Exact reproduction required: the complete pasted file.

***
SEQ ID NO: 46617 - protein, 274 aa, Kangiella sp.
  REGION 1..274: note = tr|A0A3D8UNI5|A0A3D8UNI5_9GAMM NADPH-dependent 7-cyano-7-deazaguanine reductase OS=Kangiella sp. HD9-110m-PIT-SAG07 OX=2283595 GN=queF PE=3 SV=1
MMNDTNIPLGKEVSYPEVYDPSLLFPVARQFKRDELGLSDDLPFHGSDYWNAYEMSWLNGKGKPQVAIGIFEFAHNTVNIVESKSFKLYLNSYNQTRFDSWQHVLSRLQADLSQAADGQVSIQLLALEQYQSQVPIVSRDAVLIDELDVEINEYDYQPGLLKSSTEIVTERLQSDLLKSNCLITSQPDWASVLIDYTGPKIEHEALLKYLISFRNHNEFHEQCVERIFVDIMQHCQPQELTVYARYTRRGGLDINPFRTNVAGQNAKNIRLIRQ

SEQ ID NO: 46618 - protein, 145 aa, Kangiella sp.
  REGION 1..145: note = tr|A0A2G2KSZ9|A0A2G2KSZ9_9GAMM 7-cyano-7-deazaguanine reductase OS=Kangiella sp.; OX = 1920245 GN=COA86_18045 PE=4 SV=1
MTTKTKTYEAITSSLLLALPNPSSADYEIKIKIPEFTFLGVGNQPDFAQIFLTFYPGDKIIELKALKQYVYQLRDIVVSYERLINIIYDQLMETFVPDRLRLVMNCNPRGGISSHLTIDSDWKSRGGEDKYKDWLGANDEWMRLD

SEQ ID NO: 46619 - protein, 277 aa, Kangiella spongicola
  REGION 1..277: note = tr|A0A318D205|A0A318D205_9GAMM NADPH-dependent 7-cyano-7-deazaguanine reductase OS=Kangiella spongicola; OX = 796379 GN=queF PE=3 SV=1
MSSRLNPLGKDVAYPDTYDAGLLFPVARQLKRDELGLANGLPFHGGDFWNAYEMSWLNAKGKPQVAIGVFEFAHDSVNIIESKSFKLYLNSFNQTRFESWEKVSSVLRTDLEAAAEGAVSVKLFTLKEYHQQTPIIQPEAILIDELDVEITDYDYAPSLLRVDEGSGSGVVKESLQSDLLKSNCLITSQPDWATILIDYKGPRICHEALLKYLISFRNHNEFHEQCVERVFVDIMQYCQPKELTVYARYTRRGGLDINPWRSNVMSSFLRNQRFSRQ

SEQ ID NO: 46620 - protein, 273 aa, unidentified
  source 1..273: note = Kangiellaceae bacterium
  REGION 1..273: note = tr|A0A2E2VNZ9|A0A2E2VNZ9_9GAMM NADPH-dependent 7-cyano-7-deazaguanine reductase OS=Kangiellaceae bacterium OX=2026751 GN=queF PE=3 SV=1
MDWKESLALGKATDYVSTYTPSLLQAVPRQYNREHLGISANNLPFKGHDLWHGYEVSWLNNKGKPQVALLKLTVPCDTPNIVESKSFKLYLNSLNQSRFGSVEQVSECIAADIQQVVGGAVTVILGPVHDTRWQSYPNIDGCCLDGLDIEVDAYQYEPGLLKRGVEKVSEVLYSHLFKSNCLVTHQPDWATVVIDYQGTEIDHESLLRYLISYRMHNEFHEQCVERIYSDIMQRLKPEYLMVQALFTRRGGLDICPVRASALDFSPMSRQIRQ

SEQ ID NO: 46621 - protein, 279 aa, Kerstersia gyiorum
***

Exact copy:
SEQ ID NO: 46617 - protein, 274 aa, Kangiella sp.
  REGION 1..274: note = tr|A0A3D8UNI5|A0A3D8UNI5_9GAMM NADPH-dependent 7-cyano-7-deazaguanine reductase OS=Kangiella sp. HD9-110m-PIT-SAG07 OX=2283595 GN=queF PE=3 SV=1
MMNDTNIPLGKEVSYPEVYDPSLLFPVARQFKRDELGLSDDLPFHGSDYWNAYEMSWLNGKGKPQVAIGIFEFAHNTVNIVESKSFKLYLNSYNQTRFDSWQHVLSRLQADLSQAADGQVSIQLLALEQYQSQVPIVSRDAVLIDELDVEINEYDYQPGLLKSSTEIVTERLQSDLLKSNCLITSQPDWASVLIDYTGPKIEHEALLKYLISFRNHNEFHEQCVERIFVDIMQHCQPQELTVYARYTRRGGLDINPFRTNVAGQNAKNIRLIRQ

SEQ ID NO: 46618 - protein, 145 aa, Kangiella sp.
  REGION 1..145: note = tr|A0A2G2KSZ9|A0A2G2KSZ9_9GAMM 7-cyano-7-deazaguanine reductase OS=Kangiella sp.; OX = 1920245 GN=COA86_18045 PE=4 SV=1
MTTKTKTYEAITSSLLLALPNPSSADYEIKIKIPEFTFLGVGNQPDFAQIFLTFYPGDKIIELKALKQYVYQLRDIVVSYERLINIIYDQLMETFVPDRLRLVMNCNPRGGISSHLTIDSDWKSRGGEDKYKDWLGANDEWMRLD

SEQ ID NO: 46619 - protein, 277 aa, Kangiella spongicola
  REGION 1..277: note = tr|A0A318D205|A0A318D205_9GAMM NADPH-dependent 7-cyano-7-deazaguanine reductase OS=Kangiella spongicola; OX = 796379 GN=queF PE=3 SV=1
MSSRLNPLGKDVAYPDTYDAGLLFPVARQLKRDELGLANGLPFHGGDFWNAYEMSWLNAKGKPQVAIGVFEFAHDSVNIIESKSFKLYLNSFNQTRFESWEKVSSVLRTDLEAAAEGAVSVKLFTLKEYHQQTPIIQPEAILIDELDVEITDYDYAPSLLRVDEGSGSGVVKESLQSDLLKSNCLITSQPDWATILIDYKGPRICHEALLKYLISFRNHNEFHEQCVERVFVDIMQYCQPKELTVYARYTRRGGLDINPWRSNVMSSFLRNQRFSRQ

SEQ ID NO: 46620 - protein, 273 aa, unidentified
  source 1..273: note = Kangiellaceae bacterium
  REGION 1..273: note = tr|A0A2E2VNZ9|A0A2E2VNZ9_9GAMM NADPH-dependent 7-cyano-7-deazaguanine reductase OS=Kangiellaceae bacterium OX=2026751 GN=queF PE=3 SV=1
MDWKESLALGKATDYVSTYTPSLLQAVPRQYNREHLGISANNLPFKGHDLWHGYEVSWLNNKGKPQVALLKLTVPCDTPNIVESKSFKLYLNSLNQSRFGSVEQVSECIAADIQQVVGGAVTVILGPVHDTRWQSYPNIDGCCLDGLDIEVDAYQYEPGLLKRGVEKVSEVLYSHLFKSNCLVTHQPDWATVVIDYQGTEIDHESLLRYLISYRMHNEFHEQCVERIYSDIMQRLKPEYLMVQALFTRRGGLDICPVRASALDFSPMSRQIRQ

SEQ ID NO: 46621 - protein, 279 aa, Kerstersia gyiorum